This is a great time to organise an event like Outlook Business Smart Enterprise, when the country has made several structural changes to its economy. There has been a huge focus on the ease of doing business; there is the bankruptcy law, the National Company Law Tribunal, and we have also witnessed about 1,200 laws being scrapped. This has never happened in any country. We’ve seen the Goods and Services Tax making its debut. In totality, we have really moved forward in terms of major structural changes to make India a very easy and simple country to work in. This has been one of the biggest challenges because India has had a lot of rules and regulations, procedures and paperwork. And we kept adding to it year after year, thereby making our country one of the most difficult places for medium and small enterprises to do business in. This has been reversed by the re-engineering of business processes.
It’s important that we recognise that the country is heading towards becoming an easy and simple place to do business in the days to come. India’s tax to GDP ratio is 16%, which even in countries such as Bangladesh, Pakistan and Nepal is about 22%. In OECD countries, it is 38%. Therefore, many enterprises in India were not paying taxes at all. India’s policy of tax on tax and its cascading impact was so enormous, that it was rendering India’s manufacturing uncompetitive.
My belief has been that it will be very difficult for our country to create jobs without the ability to manufacture and penetrate the global market. Every country that has grown post World War II, whether it is Japan, Korea or China, has penetrated on the back of exports. Whether you like it or not, many people will tell you that there is a big domestic market, so you must focus only there, and that these are tough times abroad. But India can’t grow at 9-10% for a long period without penetrating the global market. All countries have grown on the back of exports and India can be no exception. While the domestic market is good, the big bucks are out there. Whatever you get in the domestic market, you will get 10x of that in the international market. So, if you want to grow big, if you want to be a smart enterprise, you cannot do it without exporting and without penetrating the global market. But you can’t penetrate global markets till you produce to global standards. Therefore, our ability should be to smartly produce products of a global standard that are “zero effect, zero defect.” India must have a single-minded pursuit of growth. While we are growing at 7.1-7.5%, the challenge is to grow at higher rates of 9-10%. This will not be possible until we don’t enable our medium and small enterprises to grow bigger and bigger, and enable many more smart enterprises to grow bigger and create the right ecosystem.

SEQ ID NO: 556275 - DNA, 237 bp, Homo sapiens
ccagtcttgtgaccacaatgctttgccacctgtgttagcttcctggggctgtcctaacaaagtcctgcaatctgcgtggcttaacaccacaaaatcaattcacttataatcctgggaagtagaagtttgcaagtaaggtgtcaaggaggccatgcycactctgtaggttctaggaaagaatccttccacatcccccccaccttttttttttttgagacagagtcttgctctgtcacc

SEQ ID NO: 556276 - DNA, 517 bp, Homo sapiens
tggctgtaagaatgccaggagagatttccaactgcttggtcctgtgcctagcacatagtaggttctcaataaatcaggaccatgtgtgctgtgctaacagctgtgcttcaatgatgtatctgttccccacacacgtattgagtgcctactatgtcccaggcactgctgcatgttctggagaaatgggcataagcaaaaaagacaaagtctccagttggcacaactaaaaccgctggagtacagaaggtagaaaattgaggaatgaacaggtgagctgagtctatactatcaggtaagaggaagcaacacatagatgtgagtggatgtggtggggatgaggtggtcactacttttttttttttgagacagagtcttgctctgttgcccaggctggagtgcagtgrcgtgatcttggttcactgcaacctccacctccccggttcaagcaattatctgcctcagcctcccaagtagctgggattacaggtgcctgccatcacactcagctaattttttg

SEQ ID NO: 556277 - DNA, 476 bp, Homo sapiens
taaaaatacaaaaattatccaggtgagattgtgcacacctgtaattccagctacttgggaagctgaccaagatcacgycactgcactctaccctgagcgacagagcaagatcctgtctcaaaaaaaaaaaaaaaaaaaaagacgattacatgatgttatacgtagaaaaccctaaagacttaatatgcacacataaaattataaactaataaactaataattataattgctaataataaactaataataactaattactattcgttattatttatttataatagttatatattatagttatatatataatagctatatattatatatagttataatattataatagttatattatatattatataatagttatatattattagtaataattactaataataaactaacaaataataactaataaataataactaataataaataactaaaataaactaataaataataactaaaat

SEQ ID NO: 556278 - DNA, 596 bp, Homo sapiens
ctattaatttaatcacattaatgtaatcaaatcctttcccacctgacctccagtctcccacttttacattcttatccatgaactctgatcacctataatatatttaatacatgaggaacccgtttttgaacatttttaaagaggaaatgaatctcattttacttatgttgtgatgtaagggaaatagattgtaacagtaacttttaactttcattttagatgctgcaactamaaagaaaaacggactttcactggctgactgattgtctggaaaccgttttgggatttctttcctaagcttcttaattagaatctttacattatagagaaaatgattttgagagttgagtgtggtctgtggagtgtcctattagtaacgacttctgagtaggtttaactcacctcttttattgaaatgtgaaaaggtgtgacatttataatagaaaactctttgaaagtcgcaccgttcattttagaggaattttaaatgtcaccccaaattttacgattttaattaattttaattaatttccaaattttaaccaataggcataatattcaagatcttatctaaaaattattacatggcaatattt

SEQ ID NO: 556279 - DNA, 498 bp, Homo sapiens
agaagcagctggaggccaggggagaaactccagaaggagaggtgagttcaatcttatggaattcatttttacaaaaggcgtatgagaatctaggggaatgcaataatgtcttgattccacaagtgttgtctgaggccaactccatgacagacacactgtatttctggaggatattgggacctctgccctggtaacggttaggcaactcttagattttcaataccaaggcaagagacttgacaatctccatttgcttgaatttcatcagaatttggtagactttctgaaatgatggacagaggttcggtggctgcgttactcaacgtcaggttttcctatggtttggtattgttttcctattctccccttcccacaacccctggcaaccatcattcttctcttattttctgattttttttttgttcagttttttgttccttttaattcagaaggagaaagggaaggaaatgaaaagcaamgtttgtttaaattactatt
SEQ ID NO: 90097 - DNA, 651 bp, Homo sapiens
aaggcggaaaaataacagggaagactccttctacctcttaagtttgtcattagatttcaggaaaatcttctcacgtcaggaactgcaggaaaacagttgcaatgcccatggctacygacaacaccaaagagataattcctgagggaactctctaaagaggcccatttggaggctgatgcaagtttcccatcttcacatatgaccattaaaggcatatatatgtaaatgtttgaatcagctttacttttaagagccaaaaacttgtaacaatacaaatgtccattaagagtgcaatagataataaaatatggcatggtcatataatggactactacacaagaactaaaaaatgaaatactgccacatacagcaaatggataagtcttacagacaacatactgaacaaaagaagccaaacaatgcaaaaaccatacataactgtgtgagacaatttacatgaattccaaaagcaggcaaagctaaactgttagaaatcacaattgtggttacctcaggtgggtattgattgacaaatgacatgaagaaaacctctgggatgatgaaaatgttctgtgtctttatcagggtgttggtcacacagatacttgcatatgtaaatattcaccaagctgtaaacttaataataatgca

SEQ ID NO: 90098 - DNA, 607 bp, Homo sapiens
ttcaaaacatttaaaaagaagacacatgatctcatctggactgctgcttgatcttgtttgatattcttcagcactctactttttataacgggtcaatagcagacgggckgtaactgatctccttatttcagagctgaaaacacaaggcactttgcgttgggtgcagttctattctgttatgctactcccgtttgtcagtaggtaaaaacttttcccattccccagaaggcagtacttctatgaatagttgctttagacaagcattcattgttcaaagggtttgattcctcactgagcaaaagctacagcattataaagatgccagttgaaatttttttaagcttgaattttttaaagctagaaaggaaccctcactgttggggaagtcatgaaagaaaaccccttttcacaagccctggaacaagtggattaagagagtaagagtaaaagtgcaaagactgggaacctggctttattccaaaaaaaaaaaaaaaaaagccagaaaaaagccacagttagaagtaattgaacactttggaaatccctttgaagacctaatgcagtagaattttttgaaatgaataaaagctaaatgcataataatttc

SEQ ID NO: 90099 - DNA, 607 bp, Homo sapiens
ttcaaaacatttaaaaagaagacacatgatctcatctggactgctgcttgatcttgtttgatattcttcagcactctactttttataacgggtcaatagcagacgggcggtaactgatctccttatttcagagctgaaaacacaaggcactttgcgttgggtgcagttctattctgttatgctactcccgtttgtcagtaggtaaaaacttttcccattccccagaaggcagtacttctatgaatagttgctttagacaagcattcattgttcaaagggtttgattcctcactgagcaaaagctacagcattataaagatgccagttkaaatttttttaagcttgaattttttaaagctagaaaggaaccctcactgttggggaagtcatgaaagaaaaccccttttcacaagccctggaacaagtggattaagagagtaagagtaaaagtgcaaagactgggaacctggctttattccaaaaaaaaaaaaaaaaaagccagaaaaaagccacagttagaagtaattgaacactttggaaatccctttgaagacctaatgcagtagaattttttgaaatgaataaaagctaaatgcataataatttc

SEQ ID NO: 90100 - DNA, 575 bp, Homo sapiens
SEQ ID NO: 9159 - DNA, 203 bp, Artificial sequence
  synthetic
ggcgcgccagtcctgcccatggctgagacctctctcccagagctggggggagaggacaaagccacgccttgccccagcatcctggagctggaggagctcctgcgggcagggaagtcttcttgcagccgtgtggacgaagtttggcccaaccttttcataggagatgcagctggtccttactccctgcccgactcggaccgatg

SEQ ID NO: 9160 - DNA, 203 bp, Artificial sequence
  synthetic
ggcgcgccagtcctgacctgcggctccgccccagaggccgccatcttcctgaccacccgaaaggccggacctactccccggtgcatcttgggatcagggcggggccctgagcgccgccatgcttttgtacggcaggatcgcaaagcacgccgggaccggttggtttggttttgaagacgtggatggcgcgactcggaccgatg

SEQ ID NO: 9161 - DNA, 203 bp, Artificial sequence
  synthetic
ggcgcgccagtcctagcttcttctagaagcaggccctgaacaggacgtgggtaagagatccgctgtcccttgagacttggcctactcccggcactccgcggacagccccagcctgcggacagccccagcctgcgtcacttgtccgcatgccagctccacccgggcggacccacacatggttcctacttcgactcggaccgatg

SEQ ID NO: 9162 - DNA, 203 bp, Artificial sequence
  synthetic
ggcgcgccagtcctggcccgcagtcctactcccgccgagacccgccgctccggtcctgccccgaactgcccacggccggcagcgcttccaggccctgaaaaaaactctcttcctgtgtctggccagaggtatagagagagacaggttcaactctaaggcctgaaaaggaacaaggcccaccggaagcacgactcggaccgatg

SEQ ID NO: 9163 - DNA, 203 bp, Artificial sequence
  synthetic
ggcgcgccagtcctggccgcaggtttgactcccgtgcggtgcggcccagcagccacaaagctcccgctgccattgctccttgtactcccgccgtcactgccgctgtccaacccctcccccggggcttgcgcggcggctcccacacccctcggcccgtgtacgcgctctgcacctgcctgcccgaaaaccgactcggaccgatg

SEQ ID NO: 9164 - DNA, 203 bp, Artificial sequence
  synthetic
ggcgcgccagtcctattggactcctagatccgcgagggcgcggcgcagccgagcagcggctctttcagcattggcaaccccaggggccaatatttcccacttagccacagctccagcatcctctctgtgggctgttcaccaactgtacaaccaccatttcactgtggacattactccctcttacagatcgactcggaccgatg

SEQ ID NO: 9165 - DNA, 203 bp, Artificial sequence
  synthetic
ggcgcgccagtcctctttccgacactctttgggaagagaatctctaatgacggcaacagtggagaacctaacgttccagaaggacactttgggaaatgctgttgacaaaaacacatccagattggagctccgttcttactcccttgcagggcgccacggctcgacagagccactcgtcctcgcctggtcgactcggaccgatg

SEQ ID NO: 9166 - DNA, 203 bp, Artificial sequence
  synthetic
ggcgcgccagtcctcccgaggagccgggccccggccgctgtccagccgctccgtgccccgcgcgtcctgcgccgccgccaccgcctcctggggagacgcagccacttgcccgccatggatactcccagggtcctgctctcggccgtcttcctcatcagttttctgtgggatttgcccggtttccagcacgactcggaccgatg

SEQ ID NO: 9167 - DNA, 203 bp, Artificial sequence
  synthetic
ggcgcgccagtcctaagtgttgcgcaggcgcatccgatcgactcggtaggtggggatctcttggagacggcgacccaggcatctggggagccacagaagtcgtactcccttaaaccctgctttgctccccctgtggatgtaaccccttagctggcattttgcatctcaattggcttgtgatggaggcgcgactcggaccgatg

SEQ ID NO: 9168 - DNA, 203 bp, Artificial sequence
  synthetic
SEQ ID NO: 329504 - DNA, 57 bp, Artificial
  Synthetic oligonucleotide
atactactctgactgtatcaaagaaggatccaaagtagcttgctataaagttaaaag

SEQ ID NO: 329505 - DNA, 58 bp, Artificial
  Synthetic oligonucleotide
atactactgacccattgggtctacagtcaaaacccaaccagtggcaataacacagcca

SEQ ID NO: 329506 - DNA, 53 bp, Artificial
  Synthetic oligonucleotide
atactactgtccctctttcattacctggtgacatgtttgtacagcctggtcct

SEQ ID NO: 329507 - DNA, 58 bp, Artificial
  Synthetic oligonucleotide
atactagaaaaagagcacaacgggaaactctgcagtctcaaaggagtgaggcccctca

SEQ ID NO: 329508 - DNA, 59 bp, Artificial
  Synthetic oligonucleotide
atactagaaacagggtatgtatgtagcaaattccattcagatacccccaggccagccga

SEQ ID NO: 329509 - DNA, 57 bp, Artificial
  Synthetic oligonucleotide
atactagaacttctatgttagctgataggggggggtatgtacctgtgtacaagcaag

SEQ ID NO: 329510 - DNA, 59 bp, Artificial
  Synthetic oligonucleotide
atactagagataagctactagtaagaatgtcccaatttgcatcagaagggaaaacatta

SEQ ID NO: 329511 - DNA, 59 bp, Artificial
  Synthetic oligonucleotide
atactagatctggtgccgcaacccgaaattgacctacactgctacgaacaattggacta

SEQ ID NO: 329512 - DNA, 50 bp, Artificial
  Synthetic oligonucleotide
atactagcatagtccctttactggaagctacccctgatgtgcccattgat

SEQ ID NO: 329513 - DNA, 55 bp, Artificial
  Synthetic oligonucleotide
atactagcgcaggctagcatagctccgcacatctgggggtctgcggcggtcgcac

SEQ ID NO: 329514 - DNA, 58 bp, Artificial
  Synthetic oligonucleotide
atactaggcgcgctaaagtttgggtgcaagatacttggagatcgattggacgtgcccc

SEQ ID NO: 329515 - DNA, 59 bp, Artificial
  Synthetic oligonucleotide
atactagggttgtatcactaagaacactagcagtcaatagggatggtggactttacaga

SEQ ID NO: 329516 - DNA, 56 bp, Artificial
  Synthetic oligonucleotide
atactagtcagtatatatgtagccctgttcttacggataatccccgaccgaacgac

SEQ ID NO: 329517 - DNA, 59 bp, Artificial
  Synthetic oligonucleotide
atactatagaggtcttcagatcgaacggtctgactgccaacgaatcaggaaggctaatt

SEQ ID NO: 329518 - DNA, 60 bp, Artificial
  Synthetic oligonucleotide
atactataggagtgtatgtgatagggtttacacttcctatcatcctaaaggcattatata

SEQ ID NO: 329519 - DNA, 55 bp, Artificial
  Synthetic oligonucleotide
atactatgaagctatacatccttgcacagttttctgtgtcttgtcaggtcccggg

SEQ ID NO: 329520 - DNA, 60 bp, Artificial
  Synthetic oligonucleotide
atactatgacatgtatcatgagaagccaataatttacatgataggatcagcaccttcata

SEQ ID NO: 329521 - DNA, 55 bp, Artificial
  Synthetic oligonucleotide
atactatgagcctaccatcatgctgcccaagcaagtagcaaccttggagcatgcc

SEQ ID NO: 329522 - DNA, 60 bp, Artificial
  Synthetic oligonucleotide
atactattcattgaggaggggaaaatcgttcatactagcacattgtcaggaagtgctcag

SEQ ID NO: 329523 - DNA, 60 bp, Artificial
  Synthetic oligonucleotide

India is the only country with a billion mobiles and a billion biometrics. We have pushed the Jam (Jan Dhan-Aadhaar-Mobile) Trinity, which has about 280 million new accounts. Soon, your mobile will become your bank and also your wallet. You are heading to a scenario where there will be a smartphone for close to Rs.600-Rs.700, which will lead to a spread of mobiles smartphones across rural areas. India will become data-rich before it becomes rich.
These are the days of technological leapfrogging. We have seen a great number of startups — almost a lakh of them — doing some amazing work. For example, there is Consure Medical doing some remarkable work in the field of stool management. Look at the disruption created by young women entrepreneurs such as Shanti Mohan of LetsVenture and Meena Ganesh of Portea. So, what you’re seeing is a completely new dynamism in our young smart enterprises.
There are a number of studies that show that large companies destroy jobs, but young and middle-level companies and small enterprises are the ones creating jobs. India’s growth story can’t do without jobs, and entrepreneurs need to be given an impetus towards creating jobs. The government has tried to do this by way of giving close to 7.5 crore Mudra loans. The base of the MSME Credit Guarantee Scheme was expanded from Rs.2,500 crore to Rs.7,500 crore. As a result, more loans were given between 2014 and 2017 than between 2000 and 2014. Eighty-two percent of the Mudra loans have been given to women entrepreneurs under the Shishu scheme.
Young entrepreneurs, women entrepreneurs and MSME entrepreneurs all are creating a totally different movement in our country. A lot of disruption is happening across sectors. These are the days of smart enterprises, and of providing impetus to the MSME sector rather than big enterprises. The big will always be defaulters to the bank, but the smaller ones will always be the ones repaying on time. If India has to grow rapidly, we need to push the envelope on small and medium enterprises. We must focus on these young entrepreneurs who will radically transform the landscape of India. The big enterprises will take care of themselves. But if you transform the MSME sector, it will smartly change India. This is the age of technology, of disruption, of technological leapfrogging which India is going to witness in the years to come.